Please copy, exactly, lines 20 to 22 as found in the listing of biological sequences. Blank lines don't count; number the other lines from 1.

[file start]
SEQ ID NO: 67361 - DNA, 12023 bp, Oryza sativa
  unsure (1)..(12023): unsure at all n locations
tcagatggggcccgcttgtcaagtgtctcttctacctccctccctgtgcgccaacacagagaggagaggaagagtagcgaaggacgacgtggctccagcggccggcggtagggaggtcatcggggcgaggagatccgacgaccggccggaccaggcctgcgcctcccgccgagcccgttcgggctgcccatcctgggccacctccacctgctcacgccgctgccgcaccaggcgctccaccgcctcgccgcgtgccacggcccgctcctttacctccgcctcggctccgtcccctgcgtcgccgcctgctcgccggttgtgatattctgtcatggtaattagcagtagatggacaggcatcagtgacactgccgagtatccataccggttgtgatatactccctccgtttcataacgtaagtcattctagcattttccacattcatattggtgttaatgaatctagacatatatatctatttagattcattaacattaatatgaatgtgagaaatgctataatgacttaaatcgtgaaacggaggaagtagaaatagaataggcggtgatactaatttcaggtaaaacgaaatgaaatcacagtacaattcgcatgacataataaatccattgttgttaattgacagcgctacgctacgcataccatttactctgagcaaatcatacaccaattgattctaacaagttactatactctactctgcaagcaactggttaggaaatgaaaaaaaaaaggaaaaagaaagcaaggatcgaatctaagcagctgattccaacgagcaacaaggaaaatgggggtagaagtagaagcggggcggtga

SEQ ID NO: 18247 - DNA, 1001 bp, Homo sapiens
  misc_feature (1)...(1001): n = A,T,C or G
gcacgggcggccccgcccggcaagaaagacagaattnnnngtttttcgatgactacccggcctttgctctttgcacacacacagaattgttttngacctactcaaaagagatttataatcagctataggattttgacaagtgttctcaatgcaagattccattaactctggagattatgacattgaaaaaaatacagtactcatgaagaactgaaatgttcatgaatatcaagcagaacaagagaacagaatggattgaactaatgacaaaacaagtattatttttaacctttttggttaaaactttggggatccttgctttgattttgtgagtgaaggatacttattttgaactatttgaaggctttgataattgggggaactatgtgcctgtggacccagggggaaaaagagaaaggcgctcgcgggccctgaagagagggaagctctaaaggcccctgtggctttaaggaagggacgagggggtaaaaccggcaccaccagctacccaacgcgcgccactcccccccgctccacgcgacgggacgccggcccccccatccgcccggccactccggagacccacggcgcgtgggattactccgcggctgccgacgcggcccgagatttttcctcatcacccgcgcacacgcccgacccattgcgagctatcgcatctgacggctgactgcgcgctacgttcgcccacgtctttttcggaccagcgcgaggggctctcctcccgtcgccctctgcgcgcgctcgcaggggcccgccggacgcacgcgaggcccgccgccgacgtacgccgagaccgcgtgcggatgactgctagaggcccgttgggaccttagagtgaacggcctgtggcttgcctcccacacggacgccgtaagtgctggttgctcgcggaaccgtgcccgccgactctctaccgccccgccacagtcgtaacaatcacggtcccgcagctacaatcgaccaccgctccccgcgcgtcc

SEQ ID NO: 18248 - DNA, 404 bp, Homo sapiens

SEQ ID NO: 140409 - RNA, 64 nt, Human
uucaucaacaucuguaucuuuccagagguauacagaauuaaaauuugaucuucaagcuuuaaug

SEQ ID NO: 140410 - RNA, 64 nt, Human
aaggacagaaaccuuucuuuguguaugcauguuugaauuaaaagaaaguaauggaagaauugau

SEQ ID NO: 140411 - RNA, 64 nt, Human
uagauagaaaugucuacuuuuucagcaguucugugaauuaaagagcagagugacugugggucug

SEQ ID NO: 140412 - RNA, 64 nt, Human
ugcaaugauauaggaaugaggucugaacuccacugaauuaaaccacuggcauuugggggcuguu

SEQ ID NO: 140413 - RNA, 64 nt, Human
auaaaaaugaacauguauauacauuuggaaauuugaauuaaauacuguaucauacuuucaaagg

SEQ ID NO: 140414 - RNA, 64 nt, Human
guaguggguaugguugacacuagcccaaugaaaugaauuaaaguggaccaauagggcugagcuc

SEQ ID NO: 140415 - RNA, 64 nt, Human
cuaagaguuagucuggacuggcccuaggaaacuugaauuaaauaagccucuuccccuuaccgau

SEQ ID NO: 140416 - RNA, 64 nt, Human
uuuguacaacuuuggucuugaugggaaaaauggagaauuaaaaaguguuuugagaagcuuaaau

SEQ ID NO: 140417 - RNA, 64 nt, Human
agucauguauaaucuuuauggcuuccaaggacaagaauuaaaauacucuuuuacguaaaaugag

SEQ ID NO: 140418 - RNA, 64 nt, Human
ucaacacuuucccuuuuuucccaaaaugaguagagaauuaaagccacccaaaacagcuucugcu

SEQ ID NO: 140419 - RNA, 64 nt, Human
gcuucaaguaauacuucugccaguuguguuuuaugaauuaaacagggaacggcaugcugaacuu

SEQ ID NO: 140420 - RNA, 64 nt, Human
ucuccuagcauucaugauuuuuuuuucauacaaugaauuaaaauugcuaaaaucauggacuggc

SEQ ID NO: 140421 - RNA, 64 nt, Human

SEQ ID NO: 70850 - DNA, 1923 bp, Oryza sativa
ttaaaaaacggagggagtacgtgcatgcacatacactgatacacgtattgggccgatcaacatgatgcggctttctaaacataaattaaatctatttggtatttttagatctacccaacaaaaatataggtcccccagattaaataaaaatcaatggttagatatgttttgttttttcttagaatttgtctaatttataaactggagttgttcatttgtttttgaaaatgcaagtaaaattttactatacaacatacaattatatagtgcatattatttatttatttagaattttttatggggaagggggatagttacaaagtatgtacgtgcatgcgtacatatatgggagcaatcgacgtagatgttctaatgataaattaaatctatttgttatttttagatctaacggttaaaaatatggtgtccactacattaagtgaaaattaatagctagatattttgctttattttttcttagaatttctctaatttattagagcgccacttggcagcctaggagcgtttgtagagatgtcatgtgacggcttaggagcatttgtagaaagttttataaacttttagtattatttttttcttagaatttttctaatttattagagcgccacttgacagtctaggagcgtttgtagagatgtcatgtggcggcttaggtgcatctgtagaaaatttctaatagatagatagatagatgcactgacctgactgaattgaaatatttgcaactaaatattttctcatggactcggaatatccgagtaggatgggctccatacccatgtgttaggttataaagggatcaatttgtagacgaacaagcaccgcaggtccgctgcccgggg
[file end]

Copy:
SEQ ID NO: 140415 - RNA, 64 nt, Human
cuaagaguuagucuggacuggcccuaggaaacuugaauuaaauaagccucuuccccuuaccgau

SEQ ID NO: 140416 - RNA, 64 nt, Human